Posts by Sarah Jeanne Browne

Sarah Jeanne Browne is a speaker, writer, and activist. She is a self-help writer published on Forbes, Bella Grace, Lifehack, Tiny Buddha, Elephant Journal, Thrive Global, Raise Center, and more. She spoke at The Peal Center’s Transition Conference 2010, Pennsylvania Youth Leadership Network, The Woodlands Foundation, Reimagine, and various podcasts. She is an activist for human and animal rights. She volunteers for Tiny Buddha. She has bipolar, dyscalculia, and AuDHD. She/They Her website is www.sarahjeannebrowne.com and you can follow her on Facebook @sarahjsocialjustice.

Sarah Jeanne Browne's Website

What’s Really Important: 3 Things I Realized When I Lost My Grandmother

“We forget what we want to remember and remember what we want to forget.” ~The Road

“Okay grandma, we’re going to run away!” I wheeled my grandma Jeanne in her wheelchair into the sunlight, through the courtyard, after we exited her nursing home. She knew though that she couldn’t leave, but she went along with the game. She knew she was stuck there. But we had fun with it, nonetheless.

I really did want to run away with her. I’d had a dream the night before that she told me, “I’m at the end of my life. You will be …

How I Saved Myself by Surrendering When Everything Fell Apart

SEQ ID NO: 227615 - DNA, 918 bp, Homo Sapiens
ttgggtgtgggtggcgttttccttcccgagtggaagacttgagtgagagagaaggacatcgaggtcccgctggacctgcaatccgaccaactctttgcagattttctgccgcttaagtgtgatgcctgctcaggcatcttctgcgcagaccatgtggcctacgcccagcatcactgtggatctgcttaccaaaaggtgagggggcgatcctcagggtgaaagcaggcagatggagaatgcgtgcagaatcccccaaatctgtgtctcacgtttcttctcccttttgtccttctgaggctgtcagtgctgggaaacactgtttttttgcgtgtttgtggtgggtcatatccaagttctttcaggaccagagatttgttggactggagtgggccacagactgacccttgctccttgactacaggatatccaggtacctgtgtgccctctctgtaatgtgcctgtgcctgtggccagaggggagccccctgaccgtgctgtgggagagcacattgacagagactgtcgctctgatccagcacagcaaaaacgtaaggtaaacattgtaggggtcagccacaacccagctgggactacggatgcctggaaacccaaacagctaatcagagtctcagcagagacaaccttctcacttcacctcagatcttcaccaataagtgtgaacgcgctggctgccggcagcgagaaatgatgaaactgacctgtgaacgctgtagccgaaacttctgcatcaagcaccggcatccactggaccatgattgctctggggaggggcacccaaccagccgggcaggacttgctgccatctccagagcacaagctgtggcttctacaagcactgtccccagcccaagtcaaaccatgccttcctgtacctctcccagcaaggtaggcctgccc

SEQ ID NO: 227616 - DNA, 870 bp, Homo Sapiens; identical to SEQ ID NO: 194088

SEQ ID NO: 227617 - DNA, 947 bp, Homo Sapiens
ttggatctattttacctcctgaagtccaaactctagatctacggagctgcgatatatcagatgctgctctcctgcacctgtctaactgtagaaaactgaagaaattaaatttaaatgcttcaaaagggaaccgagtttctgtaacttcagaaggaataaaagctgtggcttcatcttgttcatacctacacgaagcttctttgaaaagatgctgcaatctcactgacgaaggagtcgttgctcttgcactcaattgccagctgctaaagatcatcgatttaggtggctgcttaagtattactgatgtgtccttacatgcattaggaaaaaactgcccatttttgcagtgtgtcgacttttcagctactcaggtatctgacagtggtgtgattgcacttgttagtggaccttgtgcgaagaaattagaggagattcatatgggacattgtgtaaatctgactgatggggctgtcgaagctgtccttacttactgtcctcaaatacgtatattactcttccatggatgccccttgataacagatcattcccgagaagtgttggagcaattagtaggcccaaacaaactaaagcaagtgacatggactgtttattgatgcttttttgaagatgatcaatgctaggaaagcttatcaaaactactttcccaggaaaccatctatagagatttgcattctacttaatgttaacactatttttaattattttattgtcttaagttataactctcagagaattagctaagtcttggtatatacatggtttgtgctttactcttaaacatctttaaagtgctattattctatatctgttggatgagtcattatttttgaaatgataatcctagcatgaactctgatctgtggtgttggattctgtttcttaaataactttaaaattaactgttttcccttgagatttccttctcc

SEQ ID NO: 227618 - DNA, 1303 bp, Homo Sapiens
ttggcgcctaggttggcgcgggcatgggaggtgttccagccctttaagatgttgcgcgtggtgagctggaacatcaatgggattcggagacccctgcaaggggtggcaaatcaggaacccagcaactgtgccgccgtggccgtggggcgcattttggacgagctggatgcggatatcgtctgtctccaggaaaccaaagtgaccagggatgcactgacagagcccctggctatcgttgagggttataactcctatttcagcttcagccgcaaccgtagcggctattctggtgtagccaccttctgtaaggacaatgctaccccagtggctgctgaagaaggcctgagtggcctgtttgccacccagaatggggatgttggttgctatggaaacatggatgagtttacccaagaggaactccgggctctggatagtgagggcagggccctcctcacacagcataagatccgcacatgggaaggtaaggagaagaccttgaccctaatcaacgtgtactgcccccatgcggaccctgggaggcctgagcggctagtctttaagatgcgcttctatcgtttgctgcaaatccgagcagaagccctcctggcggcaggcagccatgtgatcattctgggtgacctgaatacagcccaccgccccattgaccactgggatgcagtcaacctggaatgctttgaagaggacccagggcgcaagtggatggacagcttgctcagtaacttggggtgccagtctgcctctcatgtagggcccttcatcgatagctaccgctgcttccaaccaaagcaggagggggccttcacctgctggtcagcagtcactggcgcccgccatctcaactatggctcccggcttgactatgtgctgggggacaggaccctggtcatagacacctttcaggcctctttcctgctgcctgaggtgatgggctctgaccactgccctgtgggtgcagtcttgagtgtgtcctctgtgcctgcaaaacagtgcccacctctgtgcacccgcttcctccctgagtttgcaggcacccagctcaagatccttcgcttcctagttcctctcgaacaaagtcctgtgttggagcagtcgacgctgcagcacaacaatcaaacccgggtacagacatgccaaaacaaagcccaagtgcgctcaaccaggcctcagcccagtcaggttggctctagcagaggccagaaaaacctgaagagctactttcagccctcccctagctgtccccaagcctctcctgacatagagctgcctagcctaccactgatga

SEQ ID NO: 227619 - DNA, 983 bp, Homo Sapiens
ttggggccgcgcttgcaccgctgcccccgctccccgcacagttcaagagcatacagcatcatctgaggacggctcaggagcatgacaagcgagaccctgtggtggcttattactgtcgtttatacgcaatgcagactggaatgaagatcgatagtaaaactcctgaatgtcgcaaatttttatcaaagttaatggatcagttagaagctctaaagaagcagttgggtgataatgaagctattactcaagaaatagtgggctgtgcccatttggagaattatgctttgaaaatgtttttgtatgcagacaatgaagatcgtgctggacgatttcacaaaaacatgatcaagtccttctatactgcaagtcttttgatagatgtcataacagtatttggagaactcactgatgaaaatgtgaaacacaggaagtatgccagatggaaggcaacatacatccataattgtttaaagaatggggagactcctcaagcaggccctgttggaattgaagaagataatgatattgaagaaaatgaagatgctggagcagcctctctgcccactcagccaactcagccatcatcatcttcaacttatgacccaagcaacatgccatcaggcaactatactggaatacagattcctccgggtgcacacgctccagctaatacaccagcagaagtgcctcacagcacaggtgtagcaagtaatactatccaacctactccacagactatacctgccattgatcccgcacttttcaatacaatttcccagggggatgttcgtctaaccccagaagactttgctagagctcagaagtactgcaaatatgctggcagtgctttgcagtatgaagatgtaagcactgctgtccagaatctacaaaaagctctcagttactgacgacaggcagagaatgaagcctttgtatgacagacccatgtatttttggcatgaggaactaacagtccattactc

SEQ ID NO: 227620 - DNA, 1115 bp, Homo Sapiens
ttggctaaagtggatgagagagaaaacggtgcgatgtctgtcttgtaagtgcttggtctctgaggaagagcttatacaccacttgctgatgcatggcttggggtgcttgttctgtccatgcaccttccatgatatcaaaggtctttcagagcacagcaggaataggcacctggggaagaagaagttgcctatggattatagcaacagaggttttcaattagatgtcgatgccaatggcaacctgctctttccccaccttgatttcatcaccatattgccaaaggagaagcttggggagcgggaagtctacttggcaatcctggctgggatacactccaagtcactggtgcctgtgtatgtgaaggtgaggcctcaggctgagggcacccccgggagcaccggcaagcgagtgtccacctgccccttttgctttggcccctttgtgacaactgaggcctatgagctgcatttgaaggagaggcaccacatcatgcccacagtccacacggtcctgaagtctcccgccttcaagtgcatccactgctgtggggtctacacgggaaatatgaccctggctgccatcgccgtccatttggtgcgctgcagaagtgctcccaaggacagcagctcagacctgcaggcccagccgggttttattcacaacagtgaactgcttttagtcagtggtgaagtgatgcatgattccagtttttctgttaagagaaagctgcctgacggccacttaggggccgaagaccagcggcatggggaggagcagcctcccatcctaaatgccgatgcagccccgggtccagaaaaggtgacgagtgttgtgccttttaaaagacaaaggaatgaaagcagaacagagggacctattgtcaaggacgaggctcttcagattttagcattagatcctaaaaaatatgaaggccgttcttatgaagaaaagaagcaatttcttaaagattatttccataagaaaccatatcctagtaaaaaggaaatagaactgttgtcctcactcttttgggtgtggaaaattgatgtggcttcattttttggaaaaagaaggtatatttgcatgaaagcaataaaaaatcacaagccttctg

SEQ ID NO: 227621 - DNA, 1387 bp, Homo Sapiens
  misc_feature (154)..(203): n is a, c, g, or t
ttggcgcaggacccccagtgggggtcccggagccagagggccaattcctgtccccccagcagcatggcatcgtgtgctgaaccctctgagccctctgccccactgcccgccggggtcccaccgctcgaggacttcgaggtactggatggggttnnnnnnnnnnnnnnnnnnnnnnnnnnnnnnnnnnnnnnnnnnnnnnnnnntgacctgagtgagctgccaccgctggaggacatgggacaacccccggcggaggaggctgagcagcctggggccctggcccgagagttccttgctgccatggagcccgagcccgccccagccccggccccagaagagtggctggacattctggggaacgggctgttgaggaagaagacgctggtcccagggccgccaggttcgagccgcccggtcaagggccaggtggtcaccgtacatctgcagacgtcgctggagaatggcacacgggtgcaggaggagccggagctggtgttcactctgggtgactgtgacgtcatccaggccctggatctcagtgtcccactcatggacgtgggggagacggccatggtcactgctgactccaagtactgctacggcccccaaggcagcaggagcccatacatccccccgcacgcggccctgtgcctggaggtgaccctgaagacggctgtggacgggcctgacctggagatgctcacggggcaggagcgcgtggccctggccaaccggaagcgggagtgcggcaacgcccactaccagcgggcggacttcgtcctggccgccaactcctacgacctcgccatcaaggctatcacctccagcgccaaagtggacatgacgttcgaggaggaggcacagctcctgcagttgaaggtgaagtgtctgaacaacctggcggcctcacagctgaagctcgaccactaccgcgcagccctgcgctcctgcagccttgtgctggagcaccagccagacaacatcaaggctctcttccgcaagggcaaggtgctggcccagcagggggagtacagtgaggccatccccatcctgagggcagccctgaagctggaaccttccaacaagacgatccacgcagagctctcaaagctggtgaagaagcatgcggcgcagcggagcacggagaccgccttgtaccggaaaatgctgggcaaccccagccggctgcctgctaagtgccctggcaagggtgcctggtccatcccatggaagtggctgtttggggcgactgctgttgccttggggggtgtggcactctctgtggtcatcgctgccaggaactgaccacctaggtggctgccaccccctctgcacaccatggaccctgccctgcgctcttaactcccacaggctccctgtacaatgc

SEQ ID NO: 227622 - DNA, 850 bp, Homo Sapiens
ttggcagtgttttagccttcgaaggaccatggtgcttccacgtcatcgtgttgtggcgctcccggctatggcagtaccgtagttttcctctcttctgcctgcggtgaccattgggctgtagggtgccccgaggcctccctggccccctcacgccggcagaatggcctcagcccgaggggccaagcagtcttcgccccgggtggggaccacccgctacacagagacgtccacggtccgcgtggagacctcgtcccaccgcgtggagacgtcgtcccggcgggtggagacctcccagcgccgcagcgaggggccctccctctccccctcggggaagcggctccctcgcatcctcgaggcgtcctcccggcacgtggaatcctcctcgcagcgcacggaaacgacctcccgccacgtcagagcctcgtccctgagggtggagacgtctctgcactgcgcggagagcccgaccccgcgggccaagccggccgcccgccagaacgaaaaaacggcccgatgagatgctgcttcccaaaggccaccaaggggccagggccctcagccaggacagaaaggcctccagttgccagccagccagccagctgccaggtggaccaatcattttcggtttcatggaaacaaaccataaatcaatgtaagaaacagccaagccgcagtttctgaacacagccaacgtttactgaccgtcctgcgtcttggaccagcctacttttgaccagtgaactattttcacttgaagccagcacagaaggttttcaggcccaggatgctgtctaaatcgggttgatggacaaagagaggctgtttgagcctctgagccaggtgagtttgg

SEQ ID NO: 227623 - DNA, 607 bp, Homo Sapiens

“And here you are, living despite it all.” ~Rupi Kaur

“I surrender!” I said this mantra out loud as my life was spiraling out of control.

I had spent a summer in college as a camp counselor separated from my fiancé. He sent me no letters and did not keep in touch. Still, I held on. By the time I came back home, we were broken. I had also realized he was emotionally abusing me. It took that separation to make me see it.

I realized I had been truly alone in the relationship. I was never lonelier than …

You Never Know How Much Time You Have, So Forgive While You Can

“Forgiveness is to set a prisoner free and discover the prisoner was you.” ~Corrie ten Boom

I sat next to my stepmother Elaine in her hospital room. I was thirteen. We’d met six years prior as she took a stepmother’s role and had a strained relationship and didn’t speak to each other for parts of it.

Elaine was facing terminal brain cancer. So far she had kept herself together and composed, remaining strong on the outside. I was trying my hardest to do the same for her.

It had all started back when I was seven and my dad took …